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Heathrow's Terminal 5, a British Airways monopoly, will open in less than six months' time. It is not a panacea for everything but is a huge improvement on the current BA operation which is spread over Terminals 1, 3 and 4.
A few destinations will remain in T3; to Australia, Barcelona, Helsinki, Lisbon, Madrid and Nice. A key advantage of selecting these particular services is being able to co-locate with key oneworld partners Qantas, Iberia and Finnair in the same terminal.
It is anticipated the short haul flights from Terminal 3 will be operated solely by Boeing 757 aircraft. BA says that by keeping these particular aircraft out of Terminal 5 it will reduce complexity and increase efficiency.
Approaching Terminal 5 by road for the first time is impressive. The location is ideal, just off the M25 and very close to the M4 junction.
Arrivals by private transport are swept upwards to a roof-top area on the same level as departures. It is quickly out of the car and, if you have checked in on-line, straight to the hold luggage point, which hopefully will not provide for any delays. For those carrying the one piece of hand luggage currently allowed it is onwards towards the paperwork security point and emigration.
The car park has some 4,000 spaces and BAA has invested in a range of technologies to make it stress-free, including bay monitoring to ensure a space is found quickly and a car finder service to help customers locate their lost car.
Terminal 5 has is own dedicated railway station with six platforms, two for the Heathrow Express (which includes courtesy transfer to the central area and T4), two for the Piccadilly Line Underground and two spare platforms safeguarded should rail links be extended to the west.
Natural light floods the platforms thanks to a transparent roof. Five 50-person lifts will transport passengers straight up to the departures hall.
British Airways says that customers are encouraged, where possible, to take public transport to Terminal 5. The re-opening of the check-in facility at Paddington would help considerably, particularly for those with luggage. However, it is estimated that within the foreseeable future 80% of travellers will deal with their paperwork on-line.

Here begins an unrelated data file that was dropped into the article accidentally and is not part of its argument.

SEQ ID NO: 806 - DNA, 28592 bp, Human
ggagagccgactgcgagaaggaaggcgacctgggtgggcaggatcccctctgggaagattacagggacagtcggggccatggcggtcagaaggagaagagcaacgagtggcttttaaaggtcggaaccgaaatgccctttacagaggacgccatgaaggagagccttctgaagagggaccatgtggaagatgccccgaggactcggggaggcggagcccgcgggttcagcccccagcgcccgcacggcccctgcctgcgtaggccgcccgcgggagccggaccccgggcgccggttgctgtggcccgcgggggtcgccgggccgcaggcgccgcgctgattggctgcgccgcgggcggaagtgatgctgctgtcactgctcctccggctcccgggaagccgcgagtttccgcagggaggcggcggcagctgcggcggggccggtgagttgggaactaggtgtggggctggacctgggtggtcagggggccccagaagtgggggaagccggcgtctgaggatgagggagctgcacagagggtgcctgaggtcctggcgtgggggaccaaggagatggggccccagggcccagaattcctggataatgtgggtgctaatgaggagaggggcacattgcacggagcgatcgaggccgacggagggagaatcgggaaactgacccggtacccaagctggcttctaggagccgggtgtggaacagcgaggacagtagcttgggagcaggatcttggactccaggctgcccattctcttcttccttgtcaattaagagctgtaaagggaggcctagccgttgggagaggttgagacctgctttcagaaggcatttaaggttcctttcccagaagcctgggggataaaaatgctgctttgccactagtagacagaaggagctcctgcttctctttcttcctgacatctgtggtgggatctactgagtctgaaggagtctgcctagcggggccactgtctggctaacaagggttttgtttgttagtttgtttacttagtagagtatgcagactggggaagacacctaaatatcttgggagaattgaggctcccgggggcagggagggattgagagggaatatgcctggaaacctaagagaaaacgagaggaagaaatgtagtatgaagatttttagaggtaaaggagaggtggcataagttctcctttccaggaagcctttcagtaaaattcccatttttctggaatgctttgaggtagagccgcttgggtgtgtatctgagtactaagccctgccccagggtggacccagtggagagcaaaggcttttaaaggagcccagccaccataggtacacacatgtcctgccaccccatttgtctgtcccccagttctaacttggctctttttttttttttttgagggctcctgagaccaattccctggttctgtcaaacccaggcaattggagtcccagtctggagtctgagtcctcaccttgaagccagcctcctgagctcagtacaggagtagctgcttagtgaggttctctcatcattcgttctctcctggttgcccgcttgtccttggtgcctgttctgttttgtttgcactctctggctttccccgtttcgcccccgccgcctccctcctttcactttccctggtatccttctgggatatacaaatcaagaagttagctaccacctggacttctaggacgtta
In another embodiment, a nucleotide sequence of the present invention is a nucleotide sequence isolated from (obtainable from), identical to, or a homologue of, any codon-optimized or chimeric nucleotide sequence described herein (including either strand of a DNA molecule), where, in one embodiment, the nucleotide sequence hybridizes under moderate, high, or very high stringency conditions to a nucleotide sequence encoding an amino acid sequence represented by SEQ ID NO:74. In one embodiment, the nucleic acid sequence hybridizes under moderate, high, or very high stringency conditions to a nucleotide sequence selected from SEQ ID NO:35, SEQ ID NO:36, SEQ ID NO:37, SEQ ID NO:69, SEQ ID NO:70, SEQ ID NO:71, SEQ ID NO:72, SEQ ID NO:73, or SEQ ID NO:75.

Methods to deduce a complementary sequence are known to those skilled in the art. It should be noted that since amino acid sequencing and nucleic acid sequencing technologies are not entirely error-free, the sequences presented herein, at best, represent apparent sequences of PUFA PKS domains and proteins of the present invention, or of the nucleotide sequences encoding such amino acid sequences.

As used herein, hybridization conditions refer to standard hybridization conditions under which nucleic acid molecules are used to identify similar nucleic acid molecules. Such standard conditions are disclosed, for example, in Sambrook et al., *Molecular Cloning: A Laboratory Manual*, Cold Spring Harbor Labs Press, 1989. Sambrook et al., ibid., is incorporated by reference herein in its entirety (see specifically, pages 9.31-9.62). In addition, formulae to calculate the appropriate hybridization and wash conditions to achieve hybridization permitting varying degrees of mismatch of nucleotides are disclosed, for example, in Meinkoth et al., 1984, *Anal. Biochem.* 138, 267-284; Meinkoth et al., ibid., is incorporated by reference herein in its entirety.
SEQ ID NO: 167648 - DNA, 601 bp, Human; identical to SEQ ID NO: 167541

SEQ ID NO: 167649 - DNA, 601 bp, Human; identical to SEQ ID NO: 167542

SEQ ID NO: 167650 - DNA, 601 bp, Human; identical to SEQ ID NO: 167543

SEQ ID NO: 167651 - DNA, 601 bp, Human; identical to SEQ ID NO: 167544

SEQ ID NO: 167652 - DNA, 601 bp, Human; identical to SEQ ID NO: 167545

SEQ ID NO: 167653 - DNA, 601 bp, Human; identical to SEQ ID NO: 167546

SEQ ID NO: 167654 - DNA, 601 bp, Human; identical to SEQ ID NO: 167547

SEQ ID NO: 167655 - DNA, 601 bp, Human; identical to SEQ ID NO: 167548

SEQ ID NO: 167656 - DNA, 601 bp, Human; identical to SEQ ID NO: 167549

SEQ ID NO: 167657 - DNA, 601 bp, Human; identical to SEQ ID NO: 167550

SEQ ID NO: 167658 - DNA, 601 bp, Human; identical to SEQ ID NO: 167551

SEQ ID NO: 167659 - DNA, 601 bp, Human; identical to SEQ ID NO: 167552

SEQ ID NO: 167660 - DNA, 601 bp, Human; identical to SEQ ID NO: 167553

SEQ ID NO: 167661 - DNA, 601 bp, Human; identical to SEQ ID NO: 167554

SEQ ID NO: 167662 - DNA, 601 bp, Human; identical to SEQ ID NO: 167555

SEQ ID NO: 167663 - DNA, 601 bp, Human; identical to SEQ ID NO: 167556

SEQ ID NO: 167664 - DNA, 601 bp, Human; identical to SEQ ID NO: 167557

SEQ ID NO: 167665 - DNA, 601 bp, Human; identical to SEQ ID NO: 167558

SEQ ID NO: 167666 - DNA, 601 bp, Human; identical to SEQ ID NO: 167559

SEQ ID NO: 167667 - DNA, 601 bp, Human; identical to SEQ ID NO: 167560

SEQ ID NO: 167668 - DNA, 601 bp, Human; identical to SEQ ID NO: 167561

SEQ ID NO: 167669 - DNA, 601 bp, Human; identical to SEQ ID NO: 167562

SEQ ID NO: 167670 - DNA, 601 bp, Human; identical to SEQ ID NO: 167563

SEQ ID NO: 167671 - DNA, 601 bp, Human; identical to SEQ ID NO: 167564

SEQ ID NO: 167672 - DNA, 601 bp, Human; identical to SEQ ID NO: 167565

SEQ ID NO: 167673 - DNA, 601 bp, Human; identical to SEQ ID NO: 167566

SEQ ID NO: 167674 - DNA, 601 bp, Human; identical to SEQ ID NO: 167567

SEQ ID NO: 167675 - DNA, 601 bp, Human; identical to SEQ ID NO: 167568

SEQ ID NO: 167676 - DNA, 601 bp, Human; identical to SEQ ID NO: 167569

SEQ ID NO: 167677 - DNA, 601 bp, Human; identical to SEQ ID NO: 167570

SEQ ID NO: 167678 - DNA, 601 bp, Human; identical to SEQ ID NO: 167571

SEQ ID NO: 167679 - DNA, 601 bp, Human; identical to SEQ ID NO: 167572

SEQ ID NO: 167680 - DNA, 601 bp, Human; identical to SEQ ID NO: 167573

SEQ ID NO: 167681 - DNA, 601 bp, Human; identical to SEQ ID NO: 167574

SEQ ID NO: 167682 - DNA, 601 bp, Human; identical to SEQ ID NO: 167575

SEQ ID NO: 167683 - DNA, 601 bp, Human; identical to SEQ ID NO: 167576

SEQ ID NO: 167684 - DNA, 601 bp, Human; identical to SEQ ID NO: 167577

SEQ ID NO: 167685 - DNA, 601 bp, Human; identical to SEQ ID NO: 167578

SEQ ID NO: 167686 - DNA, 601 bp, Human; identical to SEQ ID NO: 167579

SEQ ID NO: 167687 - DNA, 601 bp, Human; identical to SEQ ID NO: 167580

If you have not checked in prior to your arrival at the airport you can do this on automatic kiosks (with plenty of human assistance available). If you feel you cannot manage this, customer service desk facilities are available, which not only act as a check-in but doubles for flight changes, information and even bookings. Money can change hands. There are 96 kiosks and 140 desks.
BA has built a dedicated first class area at the southern-most point of the terminal with the lounges just the other side of security.
Terminal 5 is a joint venture between BA and BAA, in effect two managements for one building. There is a strong argument here to use the American system whereby an airline takes over a complete terminal. There would be no excuse for baggage problems: ”No it”s the other lot”s fault” cannot be used as a justification when something goes wrong.
BAA is enthusiastic in pointing out that Terminal 5 covers 50 soccer pitches. What is not so apparent is that it is one-third larger than Stansted with its extended building due to be completed next year. The planned throughput is the same. Heathrow T5 will be much more relaxing.